Q&A: John McDougall, Producer/DP
Using JVC ProHD cameras for an independent feature on the realities of making it to the White House
Because of the activity in Louisiana with aggressive film incentives, John also offers production services to other filmmakers from out of state as well as developing his own projects.
A: We used two synced-from-time-code-slate 250U cameras with the JVC PL mount adapter and Zeiss Super Speed S16 Prime lenses on the A cameras and a 13.5×16 HD Fujinon zoom lens for the B camera. It was very laborious, especially when you consider the number of pages we were shooting per day, plus add the fact that we had such a compressed shooting schedule to complete principal photography.
It was a chore. It definitely took its toll at the end of the project. We sent video signals out of the cameras in HD-SDI mode to a series of Marshall HD monitors on set, which allowed us to stop and review what we were getting. Moving the cameras around as well as blocking with the talent was tricky because of the large amount of video and audio cabling running throughout the set.
The Marshall 15-inch monitors are pixel-to-pixel high-res monitors and are absolutely essential for shooting HD because you get a good color representation of what the camera is delivering, especially because we were using two cameras simultaneously on set for this project. Pulling focus solely from the viewfinder or from the small camera LCD, even with the focus assist activated, is tricky at best while shooting HD. So working with any HD monitor will end up being critical on any production.
Q: Having a lot of experience with film production, what’s the difference being on a video set?
A: Well, film wouldn’t have been practical for this project because we were shooting so much footage per day. Video allowed us to run the recorder all day and not have to worry about stock costs. Also, the pace at which we were setting up and breaking down scenes would have been next to impossible with film gear.
I am a film guy and I love working with the right stock (especially Kodak’s Vision stocks) but you have to look at what you are shooting and your subject matter. Moving around between two cameras definitely presented its own set of technical challenges that we had to constantly resolve. The nature of this project was like witnessing a train wreck as our plot unfolded with the actors, so we felt that by going handheld and being less clean as far as the camera work, we would get a better spontaneous feel and mood that supports the actors and the story.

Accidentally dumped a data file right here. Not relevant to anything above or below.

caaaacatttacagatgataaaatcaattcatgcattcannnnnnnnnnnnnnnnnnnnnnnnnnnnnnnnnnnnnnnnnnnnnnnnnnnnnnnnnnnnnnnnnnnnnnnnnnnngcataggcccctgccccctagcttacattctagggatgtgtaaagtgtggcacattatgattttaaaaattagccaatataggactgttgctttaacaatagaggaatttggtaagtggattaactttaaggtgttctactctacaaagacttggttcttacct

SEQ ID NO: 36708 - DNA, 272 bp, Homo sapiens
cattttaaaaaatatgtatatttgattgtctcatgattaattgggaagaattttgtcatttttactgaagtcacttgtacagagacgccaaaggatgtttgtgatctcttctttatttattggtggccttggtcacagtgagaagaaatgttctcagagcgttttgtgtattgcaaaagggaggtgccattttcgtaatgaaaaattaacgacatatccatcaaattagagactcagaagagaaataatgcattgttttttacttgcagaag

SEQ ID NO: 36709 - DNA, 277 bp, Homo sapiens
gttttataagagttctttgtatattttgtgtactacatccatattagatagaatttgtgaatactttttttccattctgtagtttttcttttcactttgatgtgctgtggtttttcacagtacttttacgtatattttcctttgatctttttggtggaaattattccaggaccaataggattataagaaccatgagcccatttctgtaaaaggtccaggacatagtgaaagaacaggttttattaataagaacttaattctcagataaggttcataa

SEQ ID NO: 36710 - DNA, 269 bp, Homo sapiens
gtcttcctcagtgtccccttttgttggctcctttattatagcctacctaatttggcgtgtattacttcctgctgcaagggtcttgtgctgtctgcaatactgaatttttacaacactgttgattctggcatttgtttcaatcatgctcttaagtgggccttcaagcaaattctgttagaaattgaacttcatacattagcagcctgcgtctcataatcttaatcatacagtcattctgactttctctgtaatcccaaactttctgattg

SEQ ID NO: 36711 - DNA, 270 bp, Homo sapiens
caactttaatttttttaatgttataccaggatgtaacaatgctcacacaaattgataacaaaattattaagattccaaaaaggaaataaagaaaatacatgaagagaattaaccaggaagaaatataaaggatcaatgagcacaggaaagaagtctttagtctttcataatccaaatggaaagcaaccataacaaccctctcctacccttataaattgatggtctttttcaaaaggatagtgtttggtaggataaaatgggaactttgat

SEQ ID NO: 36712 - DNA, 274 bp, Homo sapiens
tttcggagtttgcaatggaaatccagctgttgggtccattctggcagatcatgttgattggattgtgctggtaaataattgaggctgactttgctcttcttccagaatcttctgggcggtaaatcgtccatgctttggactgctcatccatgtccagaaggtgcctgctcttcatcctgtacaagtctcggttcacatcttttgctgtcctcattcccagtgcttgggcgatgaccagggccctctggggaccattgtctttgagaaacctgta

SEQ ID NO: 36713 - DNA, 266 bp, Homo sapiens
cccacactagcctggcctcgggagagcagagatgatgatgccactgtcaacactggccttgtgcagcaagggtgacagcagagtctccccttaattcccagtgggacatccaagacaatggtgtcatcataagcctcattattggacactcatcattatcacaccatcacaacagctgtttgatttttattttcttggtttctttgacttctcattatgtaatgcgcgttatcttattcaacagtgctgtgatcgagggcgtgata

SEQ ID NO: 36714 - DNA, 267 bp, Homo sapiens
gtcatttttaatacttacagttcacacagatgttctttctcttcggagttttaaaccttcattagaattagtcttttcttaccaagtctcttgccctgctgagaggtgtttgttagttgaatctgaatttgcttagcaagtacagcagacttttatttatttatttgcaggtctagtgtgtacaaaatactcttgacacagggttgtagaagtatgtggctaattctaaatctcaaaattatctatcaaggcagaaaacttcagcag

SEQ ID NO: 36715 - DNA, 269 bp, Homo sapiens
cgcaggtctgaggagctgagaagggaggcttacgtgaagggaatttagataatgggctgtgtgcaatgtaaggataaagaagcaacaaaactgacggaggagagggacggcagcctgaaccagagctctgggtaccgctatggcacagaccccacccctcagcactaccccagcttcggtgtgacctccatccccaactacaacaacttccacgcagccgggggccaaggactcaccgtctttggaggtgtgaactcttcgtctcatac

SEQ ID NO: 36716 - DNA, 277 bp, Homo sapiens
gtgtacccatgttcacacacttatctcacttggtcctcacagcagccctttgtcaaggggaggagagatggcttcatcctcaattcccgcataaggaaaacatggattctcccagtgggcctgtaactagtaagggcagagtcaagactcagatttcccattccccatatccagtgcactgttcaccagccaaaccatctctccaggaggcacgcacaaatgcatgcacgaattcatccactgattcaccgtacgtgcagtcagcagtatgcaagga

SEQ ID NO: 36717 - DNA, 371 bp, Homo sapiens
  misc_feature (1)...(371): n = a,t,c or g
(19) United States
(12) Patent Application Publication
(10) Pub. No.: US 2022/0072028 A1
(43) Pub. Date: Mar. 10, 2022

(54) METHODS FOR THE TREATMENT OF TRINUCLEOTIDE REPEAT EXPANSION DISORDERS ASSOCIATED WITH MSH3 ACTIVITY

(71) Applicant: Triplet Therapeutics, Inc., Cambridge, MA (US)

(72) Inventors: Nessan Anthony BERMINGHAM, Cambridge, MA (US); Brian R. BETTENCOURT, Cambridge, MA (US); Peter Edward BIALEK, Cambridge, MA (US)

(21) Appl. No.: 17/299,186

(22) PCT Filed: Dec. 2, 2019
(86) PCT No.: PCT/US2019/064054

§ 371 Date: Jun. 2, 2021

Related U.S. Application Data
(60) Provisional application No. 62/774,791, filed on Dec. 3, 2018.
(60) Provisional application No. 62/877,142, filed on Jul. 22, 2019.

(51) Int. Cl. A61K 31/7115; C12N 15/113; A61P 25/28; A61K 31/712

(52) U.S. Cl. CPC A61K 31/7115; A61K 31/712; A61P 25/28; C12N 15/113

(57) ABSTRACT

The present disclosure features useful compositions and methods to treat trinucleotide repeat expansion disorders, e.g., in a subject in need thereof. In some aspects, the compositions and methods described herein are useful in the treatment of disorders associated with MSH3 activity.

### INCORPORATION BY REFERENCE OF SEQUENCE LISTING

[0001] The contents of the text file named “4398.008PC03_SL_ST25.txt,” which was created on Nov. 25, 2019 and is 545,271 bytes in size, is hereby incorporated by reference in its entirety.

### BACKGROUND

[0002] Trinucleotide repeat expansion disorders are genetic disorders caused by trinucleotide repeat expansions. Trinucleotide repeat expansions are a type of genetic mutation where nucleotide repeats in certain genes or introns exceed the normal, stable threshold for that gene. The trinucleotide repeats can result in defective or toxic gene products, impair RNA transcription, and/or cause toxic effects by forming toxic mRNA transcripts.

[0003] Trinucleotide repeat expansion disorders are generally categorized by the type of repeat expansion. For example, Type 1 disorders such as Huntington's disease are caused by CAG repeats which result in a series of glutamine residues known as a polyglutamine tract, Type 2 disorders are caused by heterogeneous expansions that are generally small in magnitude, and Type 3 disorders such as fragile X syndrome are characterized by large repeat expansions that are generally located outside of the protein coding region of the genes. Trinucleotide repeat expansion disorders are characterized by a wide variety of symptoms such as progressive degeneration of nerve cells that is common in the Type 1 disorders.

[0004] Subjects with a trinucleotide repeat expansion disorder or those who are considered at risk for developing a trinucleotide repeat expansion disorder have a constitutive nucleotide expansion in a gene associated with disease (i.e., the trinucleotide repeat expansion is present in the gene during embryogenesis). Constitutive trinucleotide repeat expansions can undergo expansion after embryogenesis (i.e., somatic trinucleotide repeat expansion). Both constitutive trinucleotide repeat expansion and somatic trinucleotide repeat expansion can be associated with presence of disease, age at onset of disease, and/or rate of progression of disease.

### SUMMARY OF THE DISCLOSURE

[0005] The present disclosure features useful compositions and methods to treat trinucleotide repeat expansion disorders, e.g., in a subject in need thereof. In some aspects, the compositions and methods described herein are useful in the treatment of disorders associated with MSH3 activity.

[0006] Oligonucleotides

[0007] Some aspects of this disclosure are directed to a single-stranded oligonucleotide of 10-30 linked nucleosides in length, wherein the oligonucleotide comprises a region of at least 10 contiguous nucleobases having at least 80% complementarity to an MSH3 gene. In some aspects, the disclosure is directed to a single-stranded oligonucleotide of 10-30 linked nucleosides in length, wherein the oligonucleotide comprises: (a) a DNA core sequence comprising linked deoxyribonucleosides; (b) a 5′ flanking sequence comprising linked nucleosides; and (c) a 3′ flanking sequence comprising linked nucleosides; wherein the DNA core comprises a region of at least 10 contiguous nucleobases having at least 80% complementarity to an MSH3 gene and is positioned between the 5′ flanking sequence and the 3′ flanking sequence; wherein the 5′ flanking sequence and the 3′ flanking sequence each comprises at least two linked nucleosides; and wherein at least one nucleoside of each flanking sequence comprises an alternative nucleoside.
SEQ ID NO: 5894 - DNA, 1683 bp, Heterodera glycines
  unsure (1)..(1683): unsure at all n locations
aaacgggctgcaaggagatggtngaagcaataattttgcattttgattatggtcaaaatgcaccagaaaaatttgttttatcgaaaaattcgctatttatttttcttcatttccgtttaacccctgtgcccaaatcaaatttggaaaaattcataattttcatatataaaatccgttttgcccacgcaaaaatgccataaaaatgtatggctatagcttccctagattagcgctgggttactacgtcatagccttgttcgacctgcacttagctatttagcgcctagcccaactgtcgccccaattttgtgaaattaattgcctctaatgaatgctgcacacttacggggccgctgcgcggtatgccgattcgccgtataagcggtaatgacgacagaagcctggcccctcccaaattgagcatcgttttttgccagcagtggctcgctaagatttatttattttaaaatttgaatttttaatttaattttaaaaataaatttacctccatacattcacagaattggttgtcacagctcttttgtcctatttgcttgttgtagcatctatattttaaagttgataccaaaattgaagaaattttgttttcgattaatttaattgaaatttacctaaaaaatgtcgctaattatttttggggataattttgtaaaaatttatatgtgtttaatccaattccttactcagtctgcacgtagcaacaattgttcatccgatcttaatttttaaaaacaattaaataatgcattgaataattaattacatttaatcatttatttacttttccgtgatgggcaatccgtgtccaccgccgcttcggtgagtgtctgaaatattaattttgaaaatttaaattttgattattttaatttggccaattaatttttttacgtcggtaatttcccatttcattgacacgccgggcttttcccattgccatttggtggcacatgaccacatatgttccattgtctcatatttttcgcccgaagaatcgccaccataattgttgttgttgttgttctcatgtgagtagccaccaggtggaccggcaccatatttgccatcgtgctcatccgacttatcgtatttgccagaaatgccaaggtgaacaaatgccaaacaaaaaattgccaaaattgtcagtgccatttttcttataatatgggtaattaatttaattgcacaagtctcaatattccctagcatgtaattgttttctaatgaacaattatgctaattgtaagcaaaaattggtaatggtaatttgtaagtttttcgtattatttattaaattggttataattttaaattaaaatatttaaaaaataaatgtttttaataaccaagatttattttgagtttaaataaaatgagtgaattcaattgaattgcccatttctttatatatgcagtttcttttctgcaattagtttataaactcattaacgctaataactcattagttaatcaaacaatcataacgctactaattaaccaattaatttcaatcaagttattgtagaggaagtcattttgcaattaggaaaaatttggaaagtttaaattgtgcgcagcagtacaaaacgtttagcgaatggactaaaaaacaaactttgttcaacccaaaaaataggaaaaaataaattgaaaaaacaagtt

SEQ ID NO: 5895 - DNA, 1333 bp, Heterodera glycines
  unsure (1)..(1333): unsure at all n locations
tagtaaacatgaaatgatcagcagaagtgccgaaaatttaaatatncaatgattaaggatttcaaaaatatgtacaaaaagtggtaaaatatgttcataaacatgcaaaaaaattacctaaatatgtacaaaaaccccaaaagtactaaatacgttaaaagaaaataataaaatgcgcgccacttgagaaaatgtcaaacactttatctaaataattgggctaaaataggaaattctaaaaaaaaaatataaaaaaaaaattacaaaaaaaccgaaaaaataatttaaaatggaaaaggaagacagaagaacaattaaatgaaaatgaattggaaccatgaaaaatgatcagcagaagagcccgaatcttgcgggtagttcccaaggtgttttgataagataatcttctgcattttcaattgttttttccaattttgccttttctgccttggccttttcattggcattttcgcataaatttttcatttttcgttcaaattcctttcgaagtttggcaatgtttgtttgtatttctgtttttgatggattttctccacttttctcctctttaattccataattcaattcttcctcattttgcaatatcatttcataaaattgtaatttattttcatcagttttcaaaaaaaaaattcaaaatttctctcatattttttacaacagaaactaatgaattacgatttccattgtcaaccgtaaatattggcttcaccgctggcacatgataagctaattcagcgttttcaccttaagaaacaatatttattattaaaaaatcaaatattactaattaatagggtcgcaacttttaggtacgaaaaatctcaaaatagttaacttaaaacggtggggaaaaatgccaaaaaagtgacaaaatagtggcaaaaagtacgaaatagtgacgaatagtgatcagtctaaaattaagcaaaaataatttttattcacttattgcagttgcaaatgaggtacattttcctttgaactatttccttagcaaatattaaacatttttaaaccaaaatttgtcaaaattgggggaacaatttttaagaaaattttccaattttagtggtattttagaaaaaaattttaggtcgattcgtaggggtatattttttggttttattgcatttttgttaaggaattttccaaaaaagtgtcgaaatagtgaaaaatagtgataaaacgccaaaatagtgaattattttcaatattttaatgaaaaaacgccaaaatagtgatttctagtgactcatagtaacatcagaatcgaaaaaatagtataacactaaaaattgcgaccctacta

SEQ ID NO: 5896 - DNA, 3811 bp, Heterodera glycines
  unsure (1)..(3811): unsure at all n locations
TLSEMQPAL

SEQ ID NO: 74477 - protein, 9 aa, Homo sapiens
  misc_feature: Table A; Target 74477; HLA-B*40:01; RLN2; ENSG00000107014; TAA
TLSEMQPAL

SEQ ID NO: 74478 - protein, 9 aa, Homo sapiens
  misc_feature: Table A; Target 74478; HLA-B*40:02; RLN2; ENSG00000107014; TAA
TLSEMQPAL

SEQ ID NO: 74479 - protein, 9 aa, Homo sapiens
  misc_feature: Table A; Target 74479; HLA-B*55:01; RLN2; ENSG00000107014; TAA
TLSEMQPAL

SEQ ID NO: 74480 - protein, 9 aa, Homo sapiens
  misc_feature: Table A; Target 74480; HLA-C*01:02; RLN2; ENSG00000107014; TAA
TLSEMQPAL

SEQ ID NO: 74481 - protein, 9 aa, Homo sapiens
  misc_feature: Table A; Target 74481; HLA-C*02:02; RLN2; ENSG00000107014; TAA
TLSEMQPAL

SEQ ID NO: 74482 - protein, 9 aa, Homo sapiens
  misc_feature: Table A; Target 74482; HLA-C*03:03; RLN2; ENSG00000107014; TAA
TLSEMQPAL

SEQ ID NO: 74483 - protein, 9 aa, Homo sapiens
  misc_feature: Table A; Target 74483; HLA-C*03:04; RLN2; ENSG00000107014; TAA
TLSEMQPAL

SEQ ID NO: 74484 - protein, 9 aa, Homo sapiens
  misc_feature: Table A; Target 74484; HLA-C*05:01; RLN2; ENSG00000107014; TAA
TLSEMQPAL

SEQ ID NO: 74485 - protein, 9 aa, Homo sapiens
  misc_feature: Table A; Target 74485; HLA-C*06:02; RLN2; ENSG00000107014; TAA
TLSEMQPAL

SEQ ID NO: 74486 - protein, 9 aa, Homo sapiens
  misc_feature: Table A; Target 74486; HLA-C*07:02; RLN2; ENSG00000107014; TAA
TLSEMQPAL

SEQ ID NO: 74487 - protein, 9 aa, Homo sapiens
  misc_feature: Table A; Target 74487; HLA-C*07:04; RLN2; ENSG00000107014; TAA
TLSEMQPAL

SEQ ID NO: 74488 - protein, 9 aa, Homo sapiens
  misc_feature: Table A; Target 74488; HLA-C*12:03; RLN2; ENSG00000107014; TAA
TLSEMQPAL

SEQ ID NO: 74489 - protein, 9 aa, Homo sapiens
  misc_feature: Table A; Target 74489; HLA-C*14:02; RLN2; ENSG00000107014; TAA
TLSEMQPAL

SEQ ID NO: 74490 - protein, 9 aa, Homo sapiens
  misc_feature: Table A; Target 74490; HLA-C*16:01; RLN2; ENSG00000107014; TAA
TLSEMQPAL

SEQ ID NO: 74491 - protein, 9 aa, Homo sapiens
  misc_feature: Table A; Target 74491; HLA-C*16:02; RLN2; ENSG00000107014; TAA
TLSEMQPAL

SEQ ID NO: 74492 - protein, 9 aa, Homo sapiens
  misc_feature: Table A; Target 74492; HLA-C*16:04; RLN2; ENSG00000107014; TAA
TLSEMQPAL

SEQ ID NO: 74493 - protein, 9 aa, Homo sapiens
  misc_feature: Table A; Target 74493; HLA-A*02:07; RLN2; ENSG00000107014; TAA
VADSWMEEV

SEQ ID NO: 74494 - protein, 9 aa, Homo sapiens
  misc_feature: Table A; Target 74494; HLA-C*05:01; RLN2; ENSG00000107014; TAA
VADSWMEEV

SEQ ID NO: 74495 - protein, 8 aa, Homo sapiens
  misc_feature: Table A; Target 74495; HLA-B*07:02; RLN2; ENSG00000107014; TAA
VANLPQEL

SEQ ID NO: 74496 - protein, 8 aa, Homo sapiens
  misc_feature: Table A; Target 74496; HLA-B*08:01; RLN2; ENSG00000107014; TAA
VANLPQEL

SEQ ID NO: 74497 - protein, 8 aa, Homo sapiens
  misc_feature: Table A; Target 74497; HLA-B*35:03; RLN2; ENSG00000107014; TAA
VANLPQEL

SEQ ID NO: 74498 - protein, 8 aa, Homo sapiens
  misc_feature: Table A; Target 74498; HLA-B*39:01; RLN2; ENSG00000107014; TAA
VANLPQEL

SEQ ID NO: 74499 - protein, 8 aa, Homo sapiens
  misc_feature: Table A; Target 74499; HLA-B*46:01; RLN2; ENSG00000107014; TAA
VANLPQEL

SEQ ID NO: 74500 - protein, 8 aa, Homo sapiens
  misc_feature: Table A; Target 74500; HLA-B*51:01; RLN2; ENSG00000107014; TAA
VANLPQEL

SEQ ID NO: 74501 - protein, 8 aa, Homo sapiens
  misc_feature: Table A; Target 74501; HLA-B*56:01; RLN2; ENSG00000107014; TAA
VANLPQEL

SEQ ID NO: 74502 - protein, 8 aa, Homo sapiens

Q: What about lighting HD video? Does it require more or less light than film?
A: I don’t think there’s a tremendous difference. We were running a PL mount adapter, and using speed primes-as well as jumping back and forth to a zoom lens-so by the time you add all that up we were pushing a 2.6 to 3.0 f-stop on what the camera was getting. Even though it’s HD, these cameras still perform better with more light. Visually you’re in a much better position lowering the iris versus shooting wide open in order to get what you want.
This movie takes place mostly at night, so we were lighting in fairly minimal light conditions and it represented some problems. I was always searching for more light with more f-stop, but because of time and budget limitations, we had to work with what we had. I think we got a great gritty, dark look in the end, but we had to make due a lot of the time.
Q: How did the JVC cameras perform?
A: They worked great, and we really put them to the test on this project. I like the JVC camera because for the cost you get a lot value. The weight and shape of the body lends itself to traditional film-style shooting, and it feels well balanced when equipped correctly. Obviously, there are limitations in the image you get with 720p format. I’d equate it with how S16mm compares to 35mm film. It’s great for projects like Dirty Politics. In the right, experienced hands, you can do a lot of good things with it. It’s not the kind of camera that you can simply pick it up and begin shooting and expect a stunning image, without knowing something about working with the settings and features ahead of time.
However, all the settings can be customized on the GY-HD250U to give the video a similar feel to film, and you can put different types of lenses on it, which you can’t do with a lot of camera in this range. Also, JVC is the only camera that shoots true native 24p in this price range, which allows us to get frame-to-frame transfer to a 35mm print, which will be required to screen our film for certain festivals and events.
Q: What’s the biggest misconception about shooting HD?
A: The trick is that you have to respect HD as a format that has to be dealt with artistically. With HD, people think you can just let it roll, but you still have to be judicious in what you are shooting in order to get good results.
Whereas HD will allow a lot of people to shoot cinema HD style and paint a really pretty picture. The skill sets that you learn doing film don’t change when shooting HD video. So if someone is pursuing HD cinematography-there still is the need for a set of skills regarding framing, lens choice, filtration, and you still have to light it properly, and then there is camera movement-that brings it to an art form, rather than a high-res video format.
For further information on Dirty Politics and John McDougall, visit www.dirtypoliticsthemovie.com.